I hate to admit it but this game was a lot of fun.  The reason why I’m taking the class finally became real to me.  I wasn’t thinking or writing but merely playing.  It was as if I was a different person; a person I never thought I could be.  I was doing something I always thought was out of character.  I’m a bit shaken me because now I have to reevaluate who the fuck I think I am versus who I am or will become.  I thought I was done with that.

During this exercise I confirmed something about the teacher.  He is not comfortable around politically incorrect situations.  After being singled out for my raced-related choices during the first class, I suspected it, but had not yet confirmed it.  Mitchell came in while Chuck (my pizza-making herpes over-acting partner) was the chameleon.  His character spoke slowly and with a lisp and Chuck interpreted as mental retardation.  He went for it.  I scanned the room and saw a few unconformable faces, including Mitchell’s who was trying desperately to downplay it.  Chuck would have none of it and was thoroughly committed to this retardation.  No one seemed interested in saving Mitchell.  Finally, the teacher said laughing, “Someone please get him out of that.”  Yup.  Have to be careful with this one and I don’t like it. 

Next we did a scene with a partner where one of us started at a higher status and then did the scene again switching status.  I stood up and was really happy that Evan, who isn’t an actor, took the stage too.  I wanted to do a scene with him because he’s one of the better improvisers.  We got the word “take” and I decided to let him start the scene.  I started at lower status.  He accused me of taking money from the church collection plate.  I was shocked and asked him if he was sure.  He said yes, we have a surveillance video.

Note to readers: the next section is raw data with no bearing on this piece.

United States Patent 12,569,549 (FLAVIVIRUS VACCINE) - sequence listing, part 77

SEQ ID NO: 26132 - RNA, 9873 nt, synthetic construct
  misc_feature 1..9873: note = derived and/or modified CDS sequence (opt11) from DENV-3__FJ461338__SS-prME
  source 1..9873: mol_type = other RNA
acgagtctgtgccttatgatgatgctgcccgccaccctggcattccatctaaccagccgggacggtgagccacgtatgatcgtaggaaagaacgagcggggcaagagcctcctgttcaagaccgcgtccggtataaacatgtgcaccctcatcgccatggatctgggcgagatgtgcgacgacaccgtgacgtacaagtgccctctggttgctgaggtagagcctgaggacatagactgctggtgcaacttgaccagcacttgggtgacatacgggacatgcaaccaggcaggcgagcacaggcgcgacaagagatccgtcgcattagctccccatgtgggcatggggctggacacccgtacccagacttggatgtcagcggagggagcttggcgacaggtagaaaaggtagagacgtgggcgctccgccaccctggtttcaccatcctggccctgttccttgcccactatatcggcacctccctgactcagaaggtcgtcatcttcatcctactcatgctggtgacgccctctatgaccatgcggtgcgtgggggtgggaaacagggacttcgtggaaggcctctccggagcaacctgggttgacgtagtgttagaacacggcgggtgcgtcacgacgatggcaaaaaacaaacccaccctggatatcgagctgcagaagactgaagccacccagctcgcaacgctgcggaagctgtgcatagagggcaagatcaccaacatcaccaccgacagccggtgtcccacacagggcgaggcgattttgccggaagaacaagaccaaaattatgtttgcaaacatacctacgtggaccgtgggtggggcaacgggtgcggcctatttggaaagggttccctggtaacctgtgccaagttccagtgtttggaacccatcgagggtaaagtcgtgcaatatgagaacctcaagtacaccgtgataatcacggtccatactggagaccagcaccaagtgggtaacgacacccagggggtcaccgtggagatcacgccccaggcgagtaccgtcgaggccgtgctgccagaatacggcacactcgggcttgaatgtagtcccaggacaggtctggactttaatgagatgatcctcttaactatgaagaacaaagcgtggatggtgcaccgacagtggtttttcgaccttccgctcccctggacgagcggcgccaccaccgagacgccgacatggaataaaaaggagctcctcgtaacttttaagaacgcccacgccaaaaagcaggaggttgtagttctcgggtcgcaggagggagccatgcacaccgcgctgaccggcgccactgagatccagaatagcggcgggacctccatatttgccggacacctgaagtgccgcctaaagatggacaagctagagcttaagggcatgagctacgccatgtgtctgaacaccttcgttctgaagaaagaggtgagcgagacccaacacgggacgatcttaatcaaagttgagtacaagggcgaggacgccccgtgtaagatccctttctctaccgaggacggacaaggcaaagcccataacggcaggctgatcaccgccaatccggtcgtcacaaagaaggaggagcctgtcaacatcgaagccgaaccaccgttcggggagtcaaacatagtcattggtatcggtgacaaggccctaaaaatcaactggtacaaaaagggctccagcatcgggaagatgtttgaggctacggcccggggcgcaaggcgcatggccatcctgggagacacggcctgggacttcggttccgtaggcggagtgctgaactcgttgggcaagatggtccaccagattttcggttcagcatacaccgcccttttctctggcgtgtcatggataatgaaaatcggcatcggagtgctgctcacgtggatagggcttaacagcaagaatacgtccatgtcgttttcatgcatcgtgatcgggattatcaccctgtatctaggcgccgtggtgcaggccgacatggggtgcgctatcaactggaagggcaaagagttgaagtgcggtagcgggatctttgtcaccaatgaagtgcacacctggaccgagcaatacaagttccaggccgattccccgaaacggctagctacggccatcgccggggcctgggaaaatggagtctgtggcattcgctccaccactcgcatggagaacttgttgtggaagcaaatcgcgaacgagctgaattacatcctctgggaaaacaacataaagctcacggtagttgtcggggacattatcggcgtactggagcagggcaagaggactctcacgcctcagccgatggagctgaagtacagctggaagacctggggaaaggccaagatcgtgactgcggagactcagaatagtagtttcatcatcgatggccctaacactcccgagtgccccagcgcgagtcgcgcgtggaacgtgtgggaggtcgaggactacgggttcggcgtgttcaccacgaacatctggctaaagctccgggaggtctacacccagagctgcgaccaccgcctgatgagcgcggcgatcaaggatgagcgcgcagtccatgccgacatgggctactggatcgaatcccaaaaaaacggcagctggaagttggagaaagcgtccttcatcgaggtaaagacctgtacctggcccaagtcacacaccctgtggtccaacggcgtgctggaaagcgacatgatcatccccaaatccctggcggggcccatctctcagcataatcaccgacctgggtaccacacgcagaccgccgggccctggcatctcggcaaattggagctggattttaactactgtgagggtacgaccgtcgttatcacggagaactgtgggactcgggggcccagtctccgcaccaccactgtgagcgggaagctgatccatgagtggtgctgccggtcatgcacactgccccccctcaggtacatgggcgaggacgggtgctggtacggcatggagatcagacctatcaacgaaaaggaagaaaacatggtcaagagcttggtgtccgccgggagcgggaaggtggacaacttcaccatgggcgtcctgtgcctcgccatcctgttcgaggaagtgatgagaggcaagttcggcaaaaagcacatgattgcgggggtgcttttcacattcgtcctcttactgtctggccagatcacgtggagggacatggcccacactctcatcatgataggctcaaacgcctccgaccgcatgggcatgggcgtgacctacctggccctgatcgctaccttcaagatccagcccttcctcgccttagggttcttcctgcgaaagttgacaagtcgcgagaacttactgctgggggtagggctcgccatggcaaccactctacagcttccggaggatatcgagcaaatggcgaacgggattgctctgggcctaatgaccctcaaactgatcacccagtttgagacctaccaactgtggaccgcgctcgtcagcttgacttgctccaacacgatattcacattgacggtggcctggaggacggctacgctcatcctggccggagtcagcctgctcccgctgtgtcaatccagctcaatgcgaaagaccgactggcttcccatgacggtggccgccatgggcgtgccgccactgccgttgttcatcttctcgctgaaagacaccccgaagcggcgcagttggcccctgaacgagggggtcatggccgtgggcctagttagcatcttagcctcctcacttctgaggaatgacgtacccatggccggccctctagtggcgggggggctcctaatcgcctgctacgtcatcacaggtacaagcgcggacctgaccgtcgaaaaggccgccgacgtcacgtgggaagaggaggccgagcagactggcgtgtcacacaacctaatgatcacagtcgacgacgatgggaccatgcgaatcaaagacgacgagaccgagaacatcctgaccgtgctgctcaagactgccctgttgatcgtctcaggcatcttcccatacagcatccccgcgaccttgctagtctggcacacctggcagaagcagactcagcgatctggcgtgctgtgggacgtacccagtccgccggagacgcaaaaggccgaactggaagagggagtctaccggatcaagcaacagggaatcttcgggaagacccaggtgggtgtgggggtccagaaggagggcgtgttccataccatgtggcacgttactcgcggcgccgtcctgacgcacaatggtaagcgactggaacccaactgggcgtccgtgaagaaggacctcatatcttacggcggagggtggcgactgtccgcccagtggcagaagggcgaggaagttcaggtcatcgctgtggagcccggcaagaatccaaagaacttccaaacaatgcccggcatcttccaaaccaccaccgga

Me:  Are you sure? Did the person have bangs? I’m the only person in this church with bangs.

Evan:  Yes it was you. Please return the money.

Me:  I’m offended at your accusations.

Evan: Please return the money.

Me:  I have absolutely no need to steal money.  My family donates a ton of money to this church.  We’re rich.

Evan:  I don’t care.  Just give me the money.

Me:  I am shocked.  I’m calling mommy right now.

We then switched.

Evan:  Umm, ma’am.  I saw you take money from the collection plate.

Me:  Are you sure it was me?

Evan:  Yes. We have a video right here.

Me:  Ok, show me the video.

We watched the video.

Me:  Oh yes. I forgot.  That’s me.

Evan:  Please return the money.

Me:  I can explain.

Evan:  Please, ma’am, give me back the money.

Me: (laughing) Let’s go talk to the bishop. He can explain.

Evan: I don’t’ need explanation. Return the money.

I reached for him and he recoiled.

Me:  C’mon. The bishop can explain.  He asked me to take the money to buy candy for the neighborhood kids.  We didn’t have the key to the petty cash and he said it would be fine.

End of scene

To conclude the class, the teacher talked about UCB’s three approaches to character.  The first is the realistic, grounded character.  The second is keeping a character that’s very different from you physically as subtle as possible.  Even though you’re on stage, performers should act for a non-existent camera, keeping the performance as small and subtle as possible.  They stay away from cartoonish characters.  The third is when the focus of a scene is around one unusual character.  This is what SNL does.  For instance, the Wild and Crazy guys and Jon Lovitz’s pathological liar.  So I guess my instincts during the character exercises were correct.  I won’t need to act out characters I cannot do.

I left class feeling exhilarated but as soon as I got in the car and started thinking I felt sad. I won’t have anyone to play with like this after this class.  Unless I continue.

Lesson #5:  Just when you think you know yourself and what you can or cannot do, it turns out you really don’t.